Doctors warning North Texans to get vaccinated as flu outbreak comes earlier than usual

North Texas doctors are urging everyone to take precautions, as a flu outbreak is well underway just days before Christmas.

The earlier than usual flu season has already prompted some Central Texas school districts to shut down for cleaning.

On Wednesday, Dallas County reported its third flu-related death of the season.

At Children's Health in Dallas, they had 370 positive cases last week.

Two weeks prior, that number was 250, and hospital officials said those numbers are significantly higher than this time last year.             

This year's flu outbreak Has forced administrators in three Central Texas School Districts to cancel classes just days before the holiday break.

One district -- Hubbard ISD, southwest of Corsicana -- told parents: “This will allow us to sanitize and disinfect our property to protect the health of our students, staff, and their families."

While the outbreak has not forced closures in the Metroplex, Dallas County health officials are concerned by the unusual flu season.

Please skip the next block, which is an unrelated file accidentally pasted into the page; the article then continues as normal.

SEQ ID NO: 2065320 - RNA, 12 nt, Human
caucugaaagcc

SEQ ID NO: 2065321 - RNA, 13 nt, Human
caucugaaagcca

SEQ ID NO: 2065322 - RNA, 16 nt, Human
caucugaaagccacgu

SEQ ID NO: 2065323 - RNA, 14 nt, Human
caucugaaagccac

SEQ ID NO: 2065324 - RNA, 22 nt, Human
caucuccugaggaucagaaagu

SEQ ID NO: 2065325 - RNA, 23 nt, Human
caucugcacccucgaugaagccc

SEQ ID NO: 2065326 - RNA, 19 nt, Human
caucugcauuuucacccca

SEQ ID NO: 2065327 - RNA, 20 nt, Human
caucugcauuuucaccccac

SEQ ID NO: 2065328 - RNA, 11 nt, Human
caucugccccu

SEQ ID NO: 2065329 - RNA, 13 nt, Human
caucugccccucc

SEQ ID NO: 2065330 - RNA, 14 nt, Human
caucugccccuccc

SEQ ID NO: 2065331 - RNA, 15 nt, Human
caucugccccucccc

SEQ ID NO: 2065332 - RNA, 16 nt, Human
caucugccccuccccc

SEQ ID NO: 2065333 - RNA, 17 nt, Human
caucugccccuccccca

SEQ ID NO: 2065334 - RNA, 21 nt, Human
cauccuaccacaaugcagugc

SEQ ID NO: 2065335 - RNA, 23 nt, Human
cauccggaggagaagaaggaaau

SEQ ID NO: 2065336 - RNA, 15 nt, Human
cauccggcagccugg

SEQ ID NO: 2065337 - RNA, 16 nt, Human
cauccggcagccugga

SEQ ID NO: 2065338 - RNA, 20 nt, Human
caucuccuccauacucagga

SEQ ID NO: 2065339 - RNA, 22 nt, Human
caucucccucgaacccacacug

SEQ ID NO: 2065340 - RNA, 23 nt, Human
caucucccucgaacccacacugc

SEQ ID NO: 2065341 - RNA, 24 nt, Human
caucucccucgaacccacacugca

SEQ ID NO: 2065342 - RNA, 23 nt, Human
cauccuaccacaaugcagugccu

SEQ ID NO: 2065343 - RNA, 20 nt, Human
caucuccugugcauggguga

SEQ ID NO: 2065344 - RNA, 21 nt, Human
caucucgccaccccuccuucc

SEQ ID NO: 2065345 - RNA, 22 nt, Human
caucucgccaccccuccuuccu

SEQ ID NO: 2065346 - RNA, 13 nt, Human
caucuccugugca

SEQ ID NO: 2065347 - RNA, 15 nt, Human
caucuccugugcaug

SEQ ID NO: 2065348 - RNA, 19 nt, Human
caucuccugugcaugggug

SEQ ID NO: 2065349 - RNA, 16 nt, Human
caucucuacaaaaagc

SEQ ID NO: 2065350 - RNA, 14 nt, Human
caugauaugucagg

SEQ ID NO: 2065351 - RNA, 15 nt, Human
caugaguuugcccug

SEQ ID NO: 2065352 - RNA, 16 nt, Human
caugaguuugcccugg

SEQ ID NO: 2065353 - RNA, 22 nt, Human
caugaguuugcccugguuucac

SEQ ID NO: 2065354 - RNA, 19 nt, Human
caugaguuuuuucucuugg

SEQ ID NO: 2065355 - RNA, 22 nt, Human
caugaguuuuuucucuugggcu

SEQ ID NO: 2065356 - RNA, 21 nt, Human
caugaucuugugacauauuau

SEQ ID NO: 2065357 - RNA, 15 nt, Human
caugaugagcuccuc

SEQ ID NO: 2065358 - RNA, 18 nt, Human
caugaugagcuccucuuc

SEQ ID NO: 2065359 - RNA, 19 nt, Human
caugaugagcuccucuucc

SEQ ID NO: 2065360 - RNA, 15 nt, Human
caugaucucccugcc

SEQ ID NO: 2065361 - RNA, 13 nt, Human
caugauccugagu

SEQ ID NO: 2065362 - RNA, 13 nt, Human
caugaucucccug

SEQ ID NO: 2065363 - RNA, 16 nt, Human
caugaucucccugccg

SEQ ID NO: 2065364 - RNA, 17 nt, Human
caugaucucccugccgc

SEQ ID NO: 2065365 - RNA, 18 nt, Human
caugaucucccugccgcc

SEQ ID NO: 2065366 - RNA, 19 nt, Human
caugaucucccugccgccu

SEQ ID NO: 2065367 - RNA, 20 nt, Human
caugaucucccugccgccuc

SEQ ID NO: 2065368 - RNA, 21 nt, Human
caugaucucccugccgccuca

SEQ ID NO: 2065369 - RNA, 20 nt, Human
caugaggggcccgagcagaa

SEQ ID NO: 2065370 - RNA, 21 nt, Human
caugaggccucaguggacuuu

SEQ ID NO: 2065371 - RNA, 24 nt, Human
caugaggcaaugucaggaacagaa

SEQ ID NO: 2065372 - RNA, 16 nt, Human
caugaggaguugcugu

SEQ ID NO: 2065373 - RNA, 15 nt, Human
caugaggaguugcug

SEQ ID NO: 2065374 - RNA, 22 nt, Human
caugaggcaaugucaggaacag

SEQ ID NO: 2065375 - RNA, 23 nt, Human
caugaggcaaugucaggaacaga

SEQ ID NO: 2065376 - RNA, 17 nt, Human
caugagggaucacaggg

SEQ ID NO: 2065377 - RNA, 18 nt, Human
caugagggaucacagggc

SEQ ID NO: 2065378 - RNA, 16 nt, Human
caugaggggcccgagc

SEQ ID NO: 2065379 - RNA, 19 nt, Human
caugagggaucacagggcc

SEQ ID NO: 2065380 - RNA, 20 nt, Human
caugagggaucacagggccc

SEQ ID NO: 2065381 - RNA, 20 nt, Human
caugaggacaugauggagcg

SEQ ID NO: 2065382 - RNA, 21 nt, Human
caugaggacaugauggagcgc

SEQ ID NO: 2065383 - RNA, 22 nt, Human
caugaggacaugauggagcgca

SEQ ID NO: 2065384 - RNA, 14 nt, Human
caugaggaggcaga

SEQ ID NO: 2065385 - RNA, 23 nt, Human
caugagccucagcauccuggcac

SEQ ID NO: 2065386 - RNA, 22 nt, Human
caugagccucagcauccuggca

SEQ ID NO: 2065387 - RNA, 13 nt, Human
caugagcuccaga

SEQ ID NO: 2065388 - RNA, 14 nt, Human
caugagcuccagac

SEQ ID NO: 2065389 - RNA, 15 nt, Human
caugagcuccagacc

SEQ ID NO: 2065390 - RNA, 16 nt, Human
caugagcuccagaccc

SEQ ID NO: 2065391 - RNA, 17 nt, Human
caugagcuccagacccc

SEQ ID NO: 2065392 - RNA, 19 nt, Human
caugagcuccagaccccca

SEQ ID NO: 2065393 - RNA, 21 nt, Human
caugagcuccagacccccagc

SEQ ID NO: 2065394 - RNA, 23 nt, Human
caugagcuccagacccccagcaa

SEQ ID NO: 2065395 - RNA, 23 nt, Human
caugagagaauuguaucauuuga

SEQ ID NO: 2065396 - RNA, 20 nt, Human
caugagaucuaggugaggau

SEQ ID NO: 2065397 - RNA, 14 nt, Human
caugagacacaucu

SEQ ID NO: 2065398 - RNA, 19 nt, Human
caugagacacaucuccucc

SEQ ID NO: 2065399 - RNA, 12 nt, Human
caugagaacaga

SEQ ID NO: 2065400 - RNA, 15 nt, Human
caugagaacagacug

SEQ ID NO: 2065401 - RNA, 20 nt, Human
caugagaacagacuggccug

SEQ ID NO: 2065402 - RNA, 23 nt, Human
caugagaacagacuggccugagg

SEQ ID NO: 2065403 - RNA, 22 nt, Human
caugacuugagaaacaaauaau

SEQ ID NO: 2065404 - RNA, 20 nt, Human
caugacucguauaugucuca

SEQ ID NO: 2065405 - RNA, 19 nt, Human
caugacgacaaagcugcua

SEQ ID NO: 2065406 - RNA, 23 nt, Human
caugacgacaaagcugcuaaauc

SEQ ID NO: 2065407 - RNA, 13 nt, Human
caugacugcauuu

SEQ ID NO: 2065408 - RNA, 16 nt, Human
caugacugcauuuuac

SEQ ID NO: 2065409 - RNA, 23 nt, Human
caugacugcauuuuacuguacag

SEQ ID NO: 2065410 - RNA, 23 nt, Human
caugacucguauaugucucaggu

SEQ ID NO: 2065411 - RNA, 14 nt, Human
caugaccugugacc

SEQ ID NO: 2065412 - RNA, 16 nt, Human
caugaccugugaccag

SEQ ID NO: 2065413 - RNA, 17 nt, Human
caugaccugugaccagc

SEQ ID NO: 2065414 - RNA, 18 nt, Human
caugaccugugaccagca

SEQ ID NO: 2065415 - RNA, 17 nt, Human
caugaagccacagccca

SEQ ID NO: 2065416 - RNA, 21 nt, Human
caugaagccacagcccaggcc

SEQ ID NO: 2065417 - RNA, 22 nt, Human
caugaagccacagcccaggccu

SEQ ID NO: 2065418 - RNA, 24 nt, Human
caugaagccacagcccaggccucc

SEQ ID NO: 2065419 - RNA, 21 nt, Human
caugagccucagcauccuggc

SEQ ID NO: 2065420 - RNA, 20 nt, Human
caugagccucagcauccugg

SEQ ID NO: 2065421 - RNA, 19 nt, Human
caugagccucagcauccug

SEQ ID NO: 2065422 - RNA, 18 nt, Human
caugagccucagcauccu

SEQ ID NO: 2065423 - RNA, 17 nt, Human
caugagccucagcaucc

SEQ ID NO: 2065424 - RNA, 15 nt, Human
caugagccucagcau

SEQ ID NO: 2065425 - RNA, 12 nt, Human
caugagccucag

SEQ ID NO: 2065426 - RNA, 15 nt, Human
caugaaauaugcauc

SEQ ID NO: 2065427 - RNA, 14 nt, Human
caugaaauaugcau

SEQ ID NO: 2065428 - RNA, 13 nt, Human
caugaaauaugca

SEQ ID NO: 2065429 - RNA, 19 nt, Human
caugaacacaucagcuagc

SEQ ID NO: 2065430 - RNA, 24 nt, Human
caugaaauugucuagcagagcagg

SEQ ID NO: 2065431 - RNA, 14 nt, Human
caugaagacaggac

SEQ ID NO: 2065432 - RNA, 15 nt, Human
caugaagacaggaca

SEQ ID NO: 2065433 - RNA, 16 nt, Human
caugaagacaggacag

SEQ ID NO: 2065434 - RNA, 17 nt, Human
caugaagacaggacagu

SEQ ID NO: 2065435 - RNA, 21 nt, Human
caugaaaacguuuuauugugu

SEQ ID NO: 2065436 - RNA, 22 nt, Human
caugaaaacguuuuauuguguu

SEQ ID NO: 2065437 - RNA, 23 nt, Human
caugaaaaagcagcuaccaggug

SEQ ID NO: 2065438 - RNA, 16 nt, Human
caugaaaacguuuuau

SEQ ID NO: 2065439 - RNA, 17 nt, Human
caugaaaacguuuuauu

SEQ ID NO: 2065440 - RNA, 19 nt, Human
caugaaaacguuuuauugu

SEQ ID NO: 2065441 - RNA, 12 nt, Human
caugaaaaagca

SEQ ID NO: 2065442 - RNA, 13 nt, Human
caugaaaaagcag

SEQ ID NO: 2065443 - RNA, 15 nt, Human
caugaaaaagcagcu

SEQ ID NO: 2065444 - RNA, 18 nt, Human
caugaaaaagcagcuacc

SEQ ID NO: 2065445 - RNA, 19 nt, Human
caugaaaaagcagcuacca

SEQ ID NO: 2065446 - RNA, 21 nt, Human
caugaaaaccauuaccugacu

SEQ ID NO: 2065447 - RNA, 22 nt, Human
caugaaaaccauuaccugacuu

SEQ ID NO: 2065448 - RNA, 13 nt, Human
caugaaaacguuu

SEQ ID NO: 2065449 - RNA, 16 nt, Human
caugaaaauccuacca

“It's earlier than we've seen in probably 10 years,” said Dr. Philip Huang, who is Dallas County's health director.

Dr. Huang said that while the cases are on the rise earlier, it's too early to tell how close we are to reaching the flu season peak.

“Usually we see flu A first, and then flu B, but this time, we're seeing the B type earlier, so we don't know exactly what's going to happen,” he explained.

Wednesday, the county announced its third flu-related death of the 2019-2020 season.

The patient was a 79-year-old from Irving.

RELATED: Third flu-related death reported in Dallas County this season

Earlier this month, Tarrant County reported its first pediatric death since 2015. It was a child with underlying health issues.

The flu is quickly spreading before millions of Americans get ready to travel for Christmas and New Year.

Children's Health is pushing its virtual visit app, which lets patients see a provider via video conference, and also allows them to get a prescription anywhere.

Doctors also said it's key to take simple steps to avoid infection.

“Wash your hands, it’s so important, to rub your eyes and nose and mouth, cough and sneeze into your arms or a Kleenex, and if you're sick, stay home,” Dr. Huang said.

So far, the CDC reports 1,300 Americans have died as a result of flu-related illnesses this year.

Doctors are reminding people it is not too late to get vaccinated.